The punter: Jose is fancied to take Jol's job
The pressure on Tottenham's Martin Jol continues to build and it seems only a matter of time before he becomes the next Premier League boss to be jobless.
He is running out of games in his bid to satisfy Spurs chairman Daniel Levy who has made several unsuccessful attempts to attract Jose Mourinho to White Hart Lane.
Levy's £10m unsuccessful offer to Mourinho to break his Chelsea pay-off agreement and a salary of £5.2m, shows just how desperate the White Hart Lane chief is to replace Jol.
And replace him he will.
Many punters got their fingers burnt diving in on Jol to be the first to go this season, only to find that Mourinho delivered a knock-out blow to expectations.
The beleaguered Spurs coach is still 10-11 with William Hill to be the next to go and that provides an opportunity to regain losses or make a profit.
Sammy Lee of Bolton is 11-4 second favourite with Derby's Billy Davies 6-1, but the sands of time are shifting under Jol's feet much more quickly.
The axe could come this evening, if Spurs trip up at home to Middlesbrough in the Carling Cup.
The big question then is, who is most likely to succeed the Dutchman?
Mourinho is out of the picture, but the club's former striker and German international Jurgen Klinsmann is quoted at 8-1, although it's likely he'll wait for a bigger club.
Seville's Juande Ramos is the leading fancy at evens and that has been given added strength with Tottenham's sporting director Damien Commoli having made contact with Ramos last weekend when Seville lost at Barcelona.
Next Spurs manager: Evens: J Ramos; 13-2 M Lippi; 8-1 J Klinsmann; 10-1 G Houllier. 12-1 bar.
Arsenal own goal a loser for punter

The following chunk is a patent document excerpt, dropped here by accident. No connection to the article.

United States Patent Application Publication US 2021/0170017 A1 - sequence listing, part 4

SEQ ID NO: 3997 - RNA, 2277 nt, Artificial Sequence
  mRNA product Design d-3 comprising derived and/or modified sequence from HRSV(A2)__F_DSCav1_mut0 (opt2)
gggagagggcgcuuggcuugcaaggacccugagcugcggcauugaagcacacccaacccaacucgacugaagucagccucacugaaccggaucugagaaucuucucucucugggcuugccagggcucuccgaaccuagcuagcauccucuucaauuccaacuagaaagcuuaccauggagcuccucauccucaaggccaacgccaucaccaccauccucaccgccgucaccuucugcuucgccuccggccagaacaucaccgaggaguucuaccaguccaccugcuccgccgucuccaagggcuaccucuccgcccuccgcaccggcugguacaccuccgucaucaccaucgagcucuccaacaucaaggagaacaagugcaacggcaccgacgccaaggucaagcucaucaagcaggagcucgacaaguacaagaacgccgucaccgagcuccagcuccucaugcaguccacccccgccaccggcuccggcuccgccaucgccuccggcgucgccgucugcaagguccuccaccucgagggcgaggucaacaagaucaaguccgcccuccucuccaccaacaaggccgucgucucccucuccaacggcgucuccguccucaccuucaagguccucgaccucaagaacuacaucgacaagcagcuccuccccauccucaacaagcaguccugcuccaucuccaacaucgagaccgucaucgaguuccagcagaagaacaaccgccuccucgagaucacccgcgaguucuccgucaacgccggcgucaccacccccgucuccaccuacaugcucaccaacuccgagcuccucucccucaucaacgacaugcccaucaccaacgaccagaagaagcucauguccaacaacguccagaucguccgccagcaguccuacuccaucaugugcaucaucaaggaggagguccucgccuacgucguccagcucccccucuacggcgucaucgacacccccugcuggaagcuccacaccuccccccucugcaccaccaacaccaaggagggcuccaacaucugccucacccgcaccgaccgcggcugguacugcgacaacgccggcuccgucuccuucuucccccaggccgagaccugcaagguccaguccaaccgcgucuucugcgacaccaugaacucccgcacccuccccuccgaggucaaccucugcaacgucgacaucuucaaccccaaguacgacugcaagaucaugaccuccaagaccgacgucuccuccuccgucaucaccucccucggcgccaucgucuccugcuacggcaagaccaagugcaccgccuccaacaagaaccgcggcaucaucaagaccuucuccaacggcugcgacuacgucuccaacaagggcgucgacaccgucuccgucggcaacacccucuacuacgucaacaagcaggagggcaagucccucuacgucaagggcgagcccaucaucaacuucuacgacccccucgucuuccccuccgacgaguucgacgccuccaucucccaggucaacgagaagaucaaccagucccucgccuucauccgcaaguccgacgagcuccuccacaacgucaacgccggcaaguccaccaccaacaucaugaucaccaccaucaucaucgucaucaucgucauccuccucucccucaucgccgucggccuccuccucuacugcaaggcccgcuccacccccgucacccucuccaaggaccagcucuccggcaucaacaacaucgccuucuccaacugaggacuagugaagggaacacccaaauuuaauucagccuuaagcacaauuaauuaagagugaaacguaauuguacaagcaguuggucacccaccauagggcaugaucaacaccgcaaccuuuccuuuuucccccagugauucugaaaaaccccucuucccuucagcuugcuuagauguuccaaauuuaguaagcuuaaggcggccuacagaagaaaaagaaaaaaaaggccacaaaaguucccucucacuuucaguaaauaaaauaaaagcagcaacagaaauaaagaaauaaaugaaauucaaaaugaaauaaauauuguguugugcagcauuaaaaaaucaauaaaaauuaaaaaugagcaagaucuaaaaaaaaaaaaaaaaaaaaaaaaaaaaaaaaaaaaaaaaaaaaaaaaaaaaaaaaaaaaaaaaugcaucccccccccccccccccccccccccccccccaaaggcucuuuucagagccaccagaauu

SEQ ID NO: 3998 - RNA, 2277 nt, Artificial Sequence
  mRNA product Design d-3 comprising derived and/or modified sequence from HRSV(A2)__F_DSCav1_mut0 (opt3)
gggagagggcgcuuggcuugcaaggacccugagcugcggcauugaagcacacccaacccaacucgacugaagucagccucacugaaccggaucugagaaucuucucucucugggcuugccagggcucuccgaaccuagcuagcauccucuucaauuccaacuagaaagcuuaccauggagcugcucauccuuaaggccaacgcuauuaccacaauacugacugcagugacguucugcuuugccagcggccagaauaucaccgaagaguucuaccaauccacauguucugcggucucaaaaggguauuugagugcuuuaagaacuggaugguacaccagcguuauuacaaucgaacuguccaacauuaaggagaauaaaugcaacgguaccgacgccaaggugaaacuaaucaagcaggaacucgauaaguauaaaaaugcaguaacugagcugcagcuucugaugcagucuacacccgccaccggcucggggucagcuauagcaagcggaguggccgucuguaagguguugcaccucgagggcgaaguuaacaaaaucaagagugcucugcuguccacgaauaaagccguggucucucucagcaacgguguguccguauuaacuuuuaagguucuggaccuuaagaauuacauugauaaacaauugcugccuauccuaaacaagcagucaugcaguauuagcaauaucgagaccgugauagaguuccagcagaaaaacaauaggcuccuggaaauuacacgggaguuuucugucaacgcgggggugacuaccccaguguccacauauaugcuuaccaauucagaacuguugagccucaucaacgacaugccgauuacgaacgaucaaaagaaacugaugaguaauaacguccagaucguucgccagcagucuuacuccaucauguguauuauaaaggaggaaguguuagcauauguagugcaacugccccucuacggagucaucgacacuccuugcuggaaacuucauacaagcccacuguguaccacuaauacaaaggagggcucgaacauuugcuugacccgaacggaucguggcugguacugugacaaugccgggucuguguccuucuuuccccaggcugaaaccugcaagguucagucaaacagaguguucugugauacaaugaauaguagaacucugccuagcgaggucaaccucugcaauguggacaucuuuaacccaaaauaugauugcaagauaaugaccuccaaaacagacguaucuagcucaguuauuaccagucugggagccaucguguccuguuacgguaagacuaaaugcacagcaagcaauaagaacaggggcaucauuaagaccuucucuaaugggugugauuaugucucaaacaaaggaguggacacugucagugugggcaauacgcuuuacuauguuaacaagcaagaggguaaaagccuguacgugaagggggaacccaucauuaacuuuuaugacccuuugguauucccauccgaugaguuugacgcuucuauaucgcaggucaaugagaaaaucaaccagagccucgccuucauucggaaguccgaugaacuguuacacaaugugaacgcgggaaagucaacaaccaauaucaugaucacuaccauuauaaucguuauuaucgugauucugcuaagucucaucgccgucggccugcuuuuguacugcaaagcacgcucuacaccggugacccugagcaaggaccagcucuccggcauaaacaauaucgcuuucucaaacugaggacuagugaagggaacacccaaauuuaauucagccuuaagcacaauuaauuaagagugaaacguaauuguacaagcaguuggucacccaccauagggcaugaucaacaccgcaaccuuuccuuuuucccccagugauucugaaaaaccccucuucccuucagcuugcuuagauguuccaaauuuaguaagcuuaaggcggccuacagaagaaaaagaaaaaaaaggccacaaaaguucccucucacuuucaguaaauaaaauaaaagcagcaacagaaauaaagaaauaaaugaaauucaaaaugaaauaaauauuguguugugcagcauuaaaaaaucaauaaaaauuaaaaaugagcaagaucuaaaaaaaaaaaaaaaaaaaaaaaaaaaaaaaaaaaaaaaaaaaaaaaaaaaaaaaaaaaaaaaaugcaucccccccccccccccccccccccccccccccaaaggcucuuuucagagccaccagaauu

Arsenal's first goal against Seville in the Champions League last week, was deemed an own-goal by the Press Association, but that was not enough to secure a Lisburn punter a winning bet at odds of 33-1.
He did his £1.50 bet with McLean's bookmakers in Lisburn and thought he was due £51.
Anywhere else and he would have been, but McLean's operate under a different rule.
They are one of the few firms that offer odds on an own-goal, but such does not count with most others who therefore deemed Robin van Persie as the opening goalscorer.
McLean's rules make it clear that such outcomes are determined by the Daily Express and not PA or anyone else.
The newspaper concerned gave the opening goal to Fabregas and the firm correctly settled on that, based on rule 11 which meant that quite a number of customers cashed in.
On the other hand, it was simply hard luck on Charlie from Lisburn and illustrates once again, that different bookmakers have different rules and thus, there will always be losers who thought they were winners and vice-versa.
O'Sullivan's exit may be looming
Ireland's World Cup fate will be known on Sunday in Paris's Parc des Princes Stadium and if, as is expected, it sees elimination at the hands of Argentina, much attention will focus on the fate of coach Eddie O'Sullivan.
Before going to France, Eddie signed a lucrative four-year deal to take Ireland up to the next World Cup.
However, after the 25-3 defeat by the French, punters were sniffing around for a price on O'Sullivan to get the boot before the 2008 Six Nations.
That contract may count for little, if Ireland put in another stinker this weekend.
Morale is low in the Irish camp and that's why the coach is no better than 11-4 with Ladbrokes to be given the push.
Certainly, it's a brave man who would take 1-4 that he's still in charge for the start of the Six Nations.
Former coach Brian Ashton, now trying to revive England's World Cup fortunes, is 7-4 to be ousted by the Twickenham set by next spring, but a win over Tonga on Friday should see him safely ensconced for at least another year.